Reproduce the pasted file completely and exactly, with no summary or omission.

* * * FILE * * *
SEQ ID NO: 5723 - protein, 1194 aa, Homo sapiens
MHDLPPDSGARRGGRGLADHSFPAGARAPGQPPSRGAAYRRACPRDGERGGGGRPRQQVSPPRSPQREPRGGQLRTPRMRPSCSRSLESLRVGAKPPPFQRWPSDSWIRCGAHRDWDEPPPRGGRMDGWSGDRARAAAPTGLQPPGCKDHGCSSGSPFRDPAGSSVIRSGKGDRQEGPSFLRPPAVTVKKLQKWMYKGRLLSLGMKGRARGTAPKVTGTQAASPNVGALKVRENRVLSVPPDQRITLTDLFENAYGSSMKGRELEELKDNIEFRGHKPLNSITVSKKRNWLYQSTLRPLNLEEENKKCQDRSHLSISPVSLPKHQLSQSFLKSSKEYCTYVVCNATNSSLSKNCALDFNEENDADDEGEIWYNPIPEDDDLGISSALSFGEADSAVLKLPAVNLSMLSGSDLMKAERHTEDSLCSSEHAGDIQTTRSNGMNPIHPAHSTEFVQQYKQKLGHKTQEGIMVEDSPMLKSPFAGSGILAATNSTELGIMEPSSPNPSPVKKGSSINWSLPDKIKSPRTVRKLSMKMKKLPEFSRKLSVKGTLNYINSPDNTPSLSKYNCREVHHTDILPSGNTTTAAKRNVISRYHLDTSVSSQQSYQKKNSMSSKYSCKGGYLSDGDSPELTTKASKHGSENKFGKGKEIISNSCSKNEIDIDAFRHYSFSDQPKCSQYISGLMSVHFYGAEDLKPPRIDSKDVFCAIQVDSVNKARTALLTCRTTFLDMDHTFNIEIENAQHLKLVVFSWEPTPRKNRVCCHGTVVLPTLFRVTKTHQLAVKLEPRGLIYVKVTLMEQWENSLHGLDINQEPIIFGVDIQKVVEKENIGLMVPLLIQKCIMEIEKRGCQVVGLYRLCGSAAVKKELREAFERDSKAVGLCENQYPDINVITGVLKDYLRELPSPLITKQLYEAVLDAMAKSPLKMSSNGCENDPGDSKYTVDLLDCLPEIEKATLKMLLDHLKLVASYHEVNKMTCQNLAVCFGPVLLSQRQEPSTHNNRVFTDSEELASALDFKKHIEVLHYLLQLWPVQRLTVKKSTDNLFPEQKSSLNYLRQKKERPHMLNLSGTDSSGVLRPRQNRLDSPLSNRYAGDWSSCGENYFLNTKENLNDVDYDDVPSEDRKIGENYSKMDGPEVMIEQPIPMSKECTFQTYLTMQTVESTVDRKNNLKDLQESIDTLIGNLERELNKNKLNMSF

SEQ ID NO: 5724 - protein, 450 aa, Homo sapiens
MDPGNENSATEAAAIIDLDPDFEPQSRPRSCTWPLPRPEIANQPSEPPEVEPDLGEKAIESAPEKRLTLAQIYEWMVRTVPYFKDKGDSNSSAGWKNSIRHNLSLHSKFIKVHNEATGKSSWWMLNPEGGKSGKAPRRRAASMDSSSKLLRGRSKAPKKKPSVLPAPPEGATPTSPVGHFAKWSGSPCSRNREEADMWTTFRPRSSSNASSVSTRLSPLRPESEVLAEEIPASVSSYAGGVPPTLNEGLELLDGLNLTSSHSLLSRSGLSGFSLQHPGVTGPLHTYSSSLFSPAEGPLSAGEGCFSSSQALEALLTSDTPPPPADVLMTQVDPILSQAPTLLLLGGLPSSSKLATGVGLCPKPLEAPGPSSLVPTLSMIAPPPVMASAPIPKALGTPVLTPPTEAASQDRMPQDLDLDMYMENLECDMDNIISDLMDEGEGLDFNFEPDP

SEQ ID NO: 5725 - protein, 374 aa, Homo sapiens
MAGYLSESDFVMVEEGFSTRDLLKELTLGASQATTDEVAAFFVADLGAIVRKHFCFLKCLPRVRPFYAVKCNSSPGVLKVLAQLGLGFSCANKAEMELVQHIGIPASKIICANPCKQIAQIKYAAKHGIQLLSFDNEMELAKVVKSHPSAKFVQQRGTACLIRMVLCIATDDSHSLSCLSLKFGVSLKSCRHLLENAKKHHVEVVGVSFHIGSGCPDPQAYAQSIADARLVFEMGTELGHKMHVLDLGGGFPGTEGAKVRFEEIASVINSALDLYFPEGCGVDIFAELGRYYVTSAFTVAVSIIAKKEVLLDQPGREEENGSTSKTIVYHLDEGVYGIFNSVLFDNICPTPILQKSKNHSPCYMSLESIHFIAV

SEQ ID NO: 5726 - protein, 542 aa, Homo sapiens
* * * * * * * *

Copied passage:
SEQ ID NO: 5723 - protein, 1194 aa, Homo sapiens
MHDLPPDSGARRGGRGLADHSFPAGARAPGQPPSRGAAYRRACPRDGERGGGGRPRQQVSPPRSPQREPRGGQLRTPRMRPSCSRSLESLRVGAKPPPFQRWPSDSWIRCGAHRDWDEPPPRGGRMDGWSGDRARAAAPTGLQPPGCKDHGCSSGSPFRDPAGSSVIRSGKGDRQEGPSFLRPPAVTVKKLQKWMYKGRLLSLGMKGRARGTAPKVTGTQAASPNVGALKVRENRVLSVPPDQRITLTDLFENAYGSSMKGRELEELKDNIEFRGHKPLNSITVSKKRNWLYQSTLRPLNLEEENKKCQDRSHLSISPVSLPKHQLSQSFLKSSKEYCTYVVCNATNSSLSKNCALDFNEENDADDEGEIWYNPIPEDDDLGISSALSFGEADSAVLKLPAVNLSMLSGSDLMKAERHTEDSLCSSEHAGDIQTTRSNGMNPIHPAHSTEFVQQYKQKLGHKTQEGIMVEDSPMLKSPFAGSGILAATNSTELGIMEPSSPNPSPVKKGSSINWSLPDKIKSPRTVRKLSMKMKKLPEFSRKLSVKGTLNYINSPDNTPSLSKYNCREVHHTDILPSGNTTTAAKRNVISRYHLDTSVSSQQSYQKKNSMSSKYSCKGGYLSDGDSPELTTKASKHGSENKFGKGKEIISNSCSKNEIDIDAFRHYSFSDQPKCSQYISGLMSVHFYGAEDLKPPRIDSKDVFCAIQVDSVNKARTALLTCRTTFLDMDHTFNIEIENAQHLKLVVFSWEPTPRKNRVCCHGTVVLPTLFRVTKTHQLAVKLEPRGLIYVKVTLMEQWENSLHGLDINQEPIIFGVDIQKVVEKENIGLMVPLLIQKCIMEIEKRGCQVVGLYRLCGSAAVKKELREAFERDSKAVGLCENQYPDINVITGVLKDYLRELPSPLITKQLYEAVLDAMAKSPLKMSSNGCENDPGDSKYTVDLLDCLPEIEKATLKMLLDHLKLVASYHEVNKMTCQNLAVCFGPVLLSQRQEPSTHNNRVFTDSEELASALDFKKHIEVLHYLLQLWPVQRLTVKKSTDNLFPEQKSSLNYLRQKKERPHMLNLSGTDSSGVLRPRQNRLDSPLSNRYAGDWSSCGENYFLNTKENLNDVDYDDVPSEDRKIGENYSKMDGPEVMIEQPIPMSKECTFQTYLTMQTVESTVDRKNNLKDLQESIDTLIGNLERELNKNKLNMSF

SEQ ID NO: 5724 - protein, 450 aa, Homo sapiens
MDPGNENSATEAAAIIDLDPDFEPQSRPRSCTWPLPRPEIANQPSEPPEVEPDLGEKAIESAPEKRLTLAQIYEWMVRTVPYFKDKGDSNSSAGWKNSIRHNLSLHSKFIKVHNEATGKSSWWMLNPEGGKSGKAPRRRAASMDSSSKLLRGRSKAPKKKPSVLPAPPEGATPTSPVGHFAKWSGSPCSRNREEADMWTTFRPRSSSNASSVSTRLSPLRPESEVLAEEIPASVSSYAGGVPPTLNEGLELLDGLNLTSSHSLLSRSGLSGFSLQHPGVTGPLHTYSSSLFSPAEGPLSAGEGCFSSSQALEALLTSDTPPPPADVLMTQVDPILSQAPTLLLLGGLPSSSKLATGVGLCPKPLEAPGPSSLVPTLSMIAPPPVMASAPIPKALGTPVLTPPTEAASQDRMPQDLDLDMYMENLECDMDNIISDLMDEGEGLDFNFEPDP

SEQ ID NO: 5725 - protein, 374 aa, Homo sapiens
MAGYLSESDFVMVEEGFSTRDLLKELTLGASQATTDEVAAFFVADLGAIVRKHFCFLKCLPRVRPFYAVKCNSSPGVLKVLAQLGLGFSCANKAEMELVQHIGIPASKIICANPCKQIAQIKYAAKHGIQLLSFDNEMELAKVVKSHPSAKFVQQRGTACLIRMVLCIATDDSHSLSCLSLKFGVSLKSCRHLLENAKKHHVEVVGVSFHIGSGCPDPQAYAQSIADARLVFEMGTELGHKMHVLDLGGGFPGTEGAKVRFEEIASVINSALDLYFPEGCGVDIFAELGRYYVTSAFTVAVSIIAKKEVLLDQPGREEENGSTSKTIVYHLDEGVYGIFNSVLFDNICPTPILQKSKNHSPCYMSLESIHFIAV

SEQ ID NO: 5726 - protein, 542 aa, Homo sapiens